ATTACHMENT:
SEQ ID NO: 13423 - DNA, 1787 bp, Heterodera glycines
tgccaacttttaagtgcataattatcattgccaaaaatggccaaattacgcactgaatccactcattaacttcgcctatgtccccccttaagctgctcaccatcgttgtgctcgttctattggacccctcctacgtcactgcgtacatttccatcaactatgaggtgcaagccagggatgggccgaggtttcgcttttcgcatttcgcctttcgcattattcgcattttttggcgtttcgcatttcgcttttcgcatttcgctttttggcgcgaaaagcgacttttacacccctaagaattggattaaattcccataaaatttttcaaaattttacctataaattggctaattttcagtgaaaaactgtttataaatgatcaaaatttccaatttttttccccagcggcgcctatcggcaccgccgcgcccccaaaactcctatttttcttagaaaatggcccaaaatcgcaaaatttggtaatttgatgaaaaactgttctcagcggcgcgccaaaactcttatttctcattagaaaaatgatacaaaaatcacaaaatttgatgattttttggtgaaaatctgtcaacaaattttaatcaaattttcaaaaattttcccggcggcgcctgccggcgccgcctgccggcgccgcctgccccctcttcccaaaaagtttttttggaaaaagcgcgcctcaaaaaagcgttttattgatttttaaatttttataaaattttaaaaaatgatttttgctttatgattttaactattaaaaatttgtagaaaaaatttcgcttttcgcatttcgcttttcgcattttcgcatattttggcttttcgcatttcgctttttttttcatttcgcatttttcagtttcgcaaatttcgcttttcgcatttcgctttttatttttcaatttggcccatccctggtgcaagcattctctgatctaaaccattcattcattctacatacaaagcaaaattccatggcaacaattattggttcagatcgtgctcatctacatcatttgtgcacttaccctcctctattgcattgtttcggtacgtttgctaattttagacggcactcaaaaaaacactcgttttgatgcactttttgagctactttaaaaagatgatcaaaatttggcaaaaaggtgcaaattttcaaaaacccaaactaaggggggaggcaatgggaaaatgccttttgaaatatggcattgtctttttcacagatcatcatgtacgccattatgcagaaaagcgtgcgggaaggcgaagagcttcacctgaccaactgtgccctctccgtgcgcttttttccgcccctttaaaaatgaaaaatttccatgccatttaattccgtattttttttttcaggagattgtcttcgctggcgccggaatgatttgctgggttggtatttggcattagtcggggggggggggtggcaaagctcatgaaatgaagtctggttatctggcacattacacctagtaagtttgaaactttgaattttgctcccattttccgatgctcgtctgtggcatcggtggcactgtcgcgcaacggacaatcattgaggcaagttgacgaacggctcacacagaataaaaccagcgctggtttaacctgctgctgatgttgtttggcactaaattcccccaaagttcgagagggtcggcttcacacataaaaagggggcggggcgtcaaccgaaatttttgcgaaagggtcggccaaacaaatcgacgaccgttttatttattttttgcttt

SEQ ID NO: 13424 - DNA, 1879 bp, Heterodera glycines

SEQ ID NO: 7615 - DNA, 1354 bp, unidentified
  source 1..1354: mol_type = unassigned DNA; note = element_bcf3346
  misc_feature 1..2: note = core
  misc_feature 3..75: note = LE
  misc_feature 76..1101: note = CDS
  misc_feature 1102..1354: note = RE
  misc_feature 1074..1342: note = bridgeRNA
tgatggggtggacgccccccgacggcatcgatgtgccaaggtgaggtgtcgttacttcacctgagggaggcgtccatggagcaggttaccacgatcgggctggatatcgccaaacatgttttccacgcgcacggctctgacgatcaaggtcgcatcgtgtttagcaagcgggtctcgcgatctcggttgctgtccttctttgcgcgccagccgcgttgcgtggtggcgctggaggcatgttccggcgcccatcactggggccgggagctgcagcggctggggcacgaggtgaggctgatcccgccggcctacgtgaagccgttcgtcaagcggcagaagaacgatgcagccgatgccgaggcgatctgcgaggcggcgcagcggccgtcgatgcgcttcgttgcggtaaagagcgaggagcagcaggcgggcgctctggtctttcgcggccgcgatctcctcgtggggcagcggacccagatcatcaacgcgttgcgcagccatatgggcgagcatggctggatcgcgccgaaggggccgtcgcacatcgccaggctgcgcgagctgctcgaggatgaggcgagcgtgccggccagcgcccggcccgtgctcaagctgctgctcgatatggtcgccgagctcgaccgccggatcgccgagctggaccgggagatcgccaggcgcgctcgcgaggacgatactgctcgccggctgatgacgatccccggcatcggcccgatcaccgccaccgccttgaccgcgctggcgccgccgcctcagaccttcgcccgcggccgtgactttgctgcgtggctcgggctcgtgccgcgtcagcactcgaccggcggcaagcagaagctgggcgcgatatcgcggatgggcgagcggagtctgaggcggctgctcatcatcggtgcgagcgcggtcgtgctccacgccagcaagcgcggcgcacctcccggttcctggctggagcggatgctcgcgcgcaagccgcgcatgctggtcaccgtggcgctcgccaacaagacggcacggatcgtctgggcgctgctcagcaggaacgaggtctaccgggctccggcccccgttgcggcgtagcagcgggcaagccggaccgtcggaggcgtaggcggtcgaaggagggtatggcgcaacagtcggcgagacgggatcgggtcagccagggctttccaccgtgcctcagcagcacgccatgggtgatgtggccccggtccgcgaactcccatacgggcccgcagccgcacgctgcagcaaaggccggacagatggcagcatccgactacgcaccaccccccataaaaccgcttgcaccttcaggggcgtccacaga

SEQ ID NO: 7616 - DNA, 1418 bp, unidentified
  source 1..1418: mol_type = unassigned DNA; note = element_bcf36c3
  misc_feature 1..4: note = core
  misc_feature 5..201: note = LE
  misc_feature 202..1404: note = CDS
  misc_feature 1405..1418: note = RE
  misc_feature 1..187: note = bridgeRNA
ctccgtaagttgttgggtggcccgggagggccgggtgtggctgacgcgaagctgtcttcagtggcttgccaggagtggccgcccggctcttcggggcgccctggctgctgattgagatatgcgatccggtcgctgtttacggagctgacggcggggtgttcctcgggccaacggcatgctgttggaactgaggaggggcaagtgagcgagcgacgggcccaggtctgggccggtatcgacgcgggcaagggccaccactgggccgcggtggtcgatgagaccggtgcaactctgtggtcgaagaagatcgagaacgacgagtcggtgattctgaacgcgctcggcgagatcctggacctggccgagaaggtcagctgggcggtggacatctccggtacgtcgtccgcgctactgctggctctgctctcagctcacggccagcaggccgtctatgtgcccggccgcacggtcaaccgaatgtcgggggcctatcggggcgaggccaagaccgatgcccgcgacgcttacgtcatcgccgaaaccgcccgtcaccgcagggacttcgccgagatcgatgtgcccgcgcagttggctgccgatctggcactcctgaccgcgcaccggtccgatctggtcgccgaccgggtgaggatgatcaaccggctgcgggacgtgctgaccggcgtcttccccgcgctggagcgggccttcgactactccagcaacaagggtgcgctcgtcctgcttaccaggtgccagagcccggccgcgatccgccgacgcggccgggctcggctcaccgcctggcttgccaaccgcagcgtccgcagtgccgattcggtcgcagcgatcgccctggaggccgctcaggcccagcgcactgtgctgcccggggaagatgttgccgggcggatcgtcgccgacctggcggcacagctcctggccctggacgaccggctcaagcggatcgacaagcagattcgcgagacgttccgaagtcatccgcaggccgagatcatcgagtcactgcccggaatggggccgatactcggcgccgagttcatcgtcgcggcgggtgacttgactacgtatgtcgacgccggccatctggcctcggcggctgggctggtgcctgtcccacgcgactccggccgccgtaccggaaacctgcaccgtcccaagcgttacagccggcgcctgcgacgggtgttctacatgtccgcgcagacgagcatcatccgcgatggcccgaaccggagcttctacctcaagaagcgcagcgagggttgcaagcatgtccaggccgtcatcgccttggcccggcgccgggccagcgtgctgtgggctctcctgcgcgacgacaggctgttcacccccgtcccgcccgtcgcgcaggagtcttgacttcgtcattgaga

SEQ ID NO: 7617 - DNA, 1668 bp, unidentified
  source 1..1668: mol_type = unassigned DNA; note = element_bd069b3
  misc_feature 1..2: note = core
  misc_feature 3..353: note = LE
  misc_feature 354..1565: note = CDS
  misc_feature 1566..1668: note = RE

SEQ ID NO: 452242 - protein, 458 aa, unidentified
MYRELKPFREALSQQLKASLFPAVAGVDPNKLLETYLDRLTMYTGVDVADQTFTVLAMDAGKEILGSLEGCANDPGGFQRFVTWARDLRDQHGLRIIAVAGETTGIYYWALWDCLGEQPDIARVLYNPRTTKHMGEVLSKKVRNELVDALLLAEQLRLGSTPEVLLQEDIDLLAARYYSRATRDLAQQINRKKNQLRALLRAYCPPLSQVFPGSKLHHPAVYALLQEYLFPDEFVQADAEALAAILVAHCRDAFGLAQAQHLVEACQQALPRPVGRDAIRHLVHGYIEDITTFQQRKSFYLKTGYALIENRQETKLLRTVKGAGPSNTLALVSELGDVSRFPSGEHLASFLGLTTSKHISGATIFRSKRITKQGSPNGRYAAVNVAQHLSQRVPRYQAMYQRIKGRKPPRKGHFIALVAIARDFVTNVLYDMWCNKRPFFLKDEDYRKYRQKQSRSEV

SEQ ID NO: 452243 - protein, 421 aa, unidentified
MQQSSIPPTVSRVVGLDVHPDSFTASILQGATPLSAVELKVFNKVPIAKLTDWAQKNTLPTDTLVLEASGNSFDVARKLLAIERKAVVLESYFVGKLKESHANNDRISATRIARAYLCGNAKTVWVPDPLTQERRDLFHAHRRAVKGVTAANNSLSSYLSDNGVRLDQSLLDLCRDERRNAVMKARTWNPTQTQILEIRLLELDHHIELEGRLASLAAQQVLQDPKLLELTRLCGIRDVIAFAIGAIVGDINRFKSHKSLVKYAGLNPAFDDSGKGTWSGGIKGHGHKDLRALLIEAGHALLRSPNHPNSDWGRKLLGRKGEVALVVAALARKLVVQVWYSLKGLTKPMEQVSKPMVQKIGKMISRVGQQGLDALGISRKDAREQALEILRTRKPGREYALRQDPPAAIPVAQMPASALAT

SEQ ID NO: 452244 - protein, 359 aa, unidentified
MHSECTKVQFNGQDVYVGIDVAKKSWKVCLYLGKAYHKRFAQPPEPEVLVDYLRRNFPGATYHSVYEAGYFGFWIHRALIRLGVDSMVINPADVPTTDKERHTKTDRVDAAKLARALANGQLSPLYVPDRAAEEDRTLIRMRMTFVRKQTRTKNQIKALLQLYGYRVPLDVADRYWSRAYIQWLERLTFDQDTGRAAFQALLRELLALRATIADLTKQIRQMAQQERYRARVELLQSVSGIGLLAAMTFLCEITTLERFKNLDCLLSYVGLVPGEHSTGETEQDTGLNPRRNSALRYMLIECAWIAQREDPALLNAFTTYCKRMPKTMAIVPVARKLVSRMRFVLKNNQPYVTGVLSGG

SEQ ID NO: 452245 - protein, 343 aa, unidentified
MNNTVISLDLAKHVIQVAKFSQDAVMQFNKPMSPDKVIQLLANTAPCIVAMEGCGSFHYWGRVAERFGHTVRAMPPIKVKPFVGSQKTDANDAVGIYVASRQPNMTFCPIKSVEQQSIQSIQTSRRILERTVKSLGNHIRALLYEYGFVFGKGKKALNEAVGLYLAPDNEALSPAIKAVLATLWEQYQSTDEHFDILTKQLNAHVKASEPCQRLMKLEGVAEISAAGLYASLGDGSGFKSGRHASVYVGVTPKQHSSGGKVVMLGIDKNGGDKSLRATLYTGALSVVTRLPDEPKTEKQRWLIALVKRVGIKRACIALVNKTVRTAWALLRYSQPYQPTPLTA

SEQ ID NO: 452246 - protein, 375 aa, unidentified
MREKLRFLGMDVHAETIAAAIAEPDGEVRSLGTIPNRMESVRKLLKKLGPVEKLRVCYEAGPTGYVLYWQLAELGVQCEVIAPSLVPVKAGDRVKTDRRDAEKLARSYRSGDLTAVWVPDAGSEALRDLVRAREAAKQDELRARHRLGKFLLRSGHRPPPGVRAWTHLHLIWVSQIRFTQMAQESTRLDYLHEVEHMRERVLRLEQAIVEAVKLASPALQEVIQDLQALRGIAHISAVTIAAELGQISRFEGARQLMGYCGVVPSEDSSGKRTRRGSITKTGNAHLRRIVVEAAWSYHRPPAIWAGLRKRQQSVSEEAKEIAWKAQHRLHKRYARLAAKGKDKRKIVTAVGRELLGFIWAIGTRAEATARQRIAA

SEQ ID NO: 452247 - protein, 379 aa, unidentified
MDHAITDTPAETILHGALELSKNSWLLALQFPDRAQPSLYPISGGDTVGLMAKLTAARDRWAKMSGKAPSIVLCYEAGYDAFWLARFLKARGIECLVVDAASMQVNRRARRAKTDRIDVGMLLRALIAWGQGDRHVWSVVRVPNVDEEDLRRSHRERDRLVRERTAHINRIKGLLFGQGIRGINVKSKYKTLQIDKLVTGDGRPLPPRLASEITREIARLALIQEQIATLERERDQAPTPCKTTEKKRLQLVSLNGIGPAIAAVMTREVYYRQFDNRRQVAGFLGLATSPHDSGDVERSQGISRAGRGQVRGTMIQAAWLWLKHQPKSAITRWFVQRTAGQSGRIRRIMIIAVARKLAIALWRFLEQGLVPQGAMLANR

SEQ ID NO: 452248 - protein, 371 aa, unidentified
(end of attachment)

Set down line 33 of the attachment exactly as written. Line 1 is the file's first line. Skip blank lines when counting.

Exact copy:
MNNTVISLDLAKHVIQVAKFSQDAVMQFNKPMSPDKVIQLLANTAPCIVAMEGCGSFHYWGRVAERFGHTVRAMPPIKVKPFVGSQKTDANDAVGIYVASRQPNMTFCPIKSVEQQSIQSIQTSRRILERTVKSLGNHIRALLYEYGFVFGKGKKALNEAVGLYLAPDNEALSPAIKAVLATLWEQYQSTDEHFDILTKQLNAHVKASEPCQRLMKLEGVAEISAAGLYASLGDGSGFKSGRHASVYVGVTPKQHSSGGKVVMLGIDKNGGDKSLRATLYTGALSVVTRLPDEPKTEKQRWLIALVKRVGIKRACIALVNKTVRTAWALLRYSQPYQPTPLTA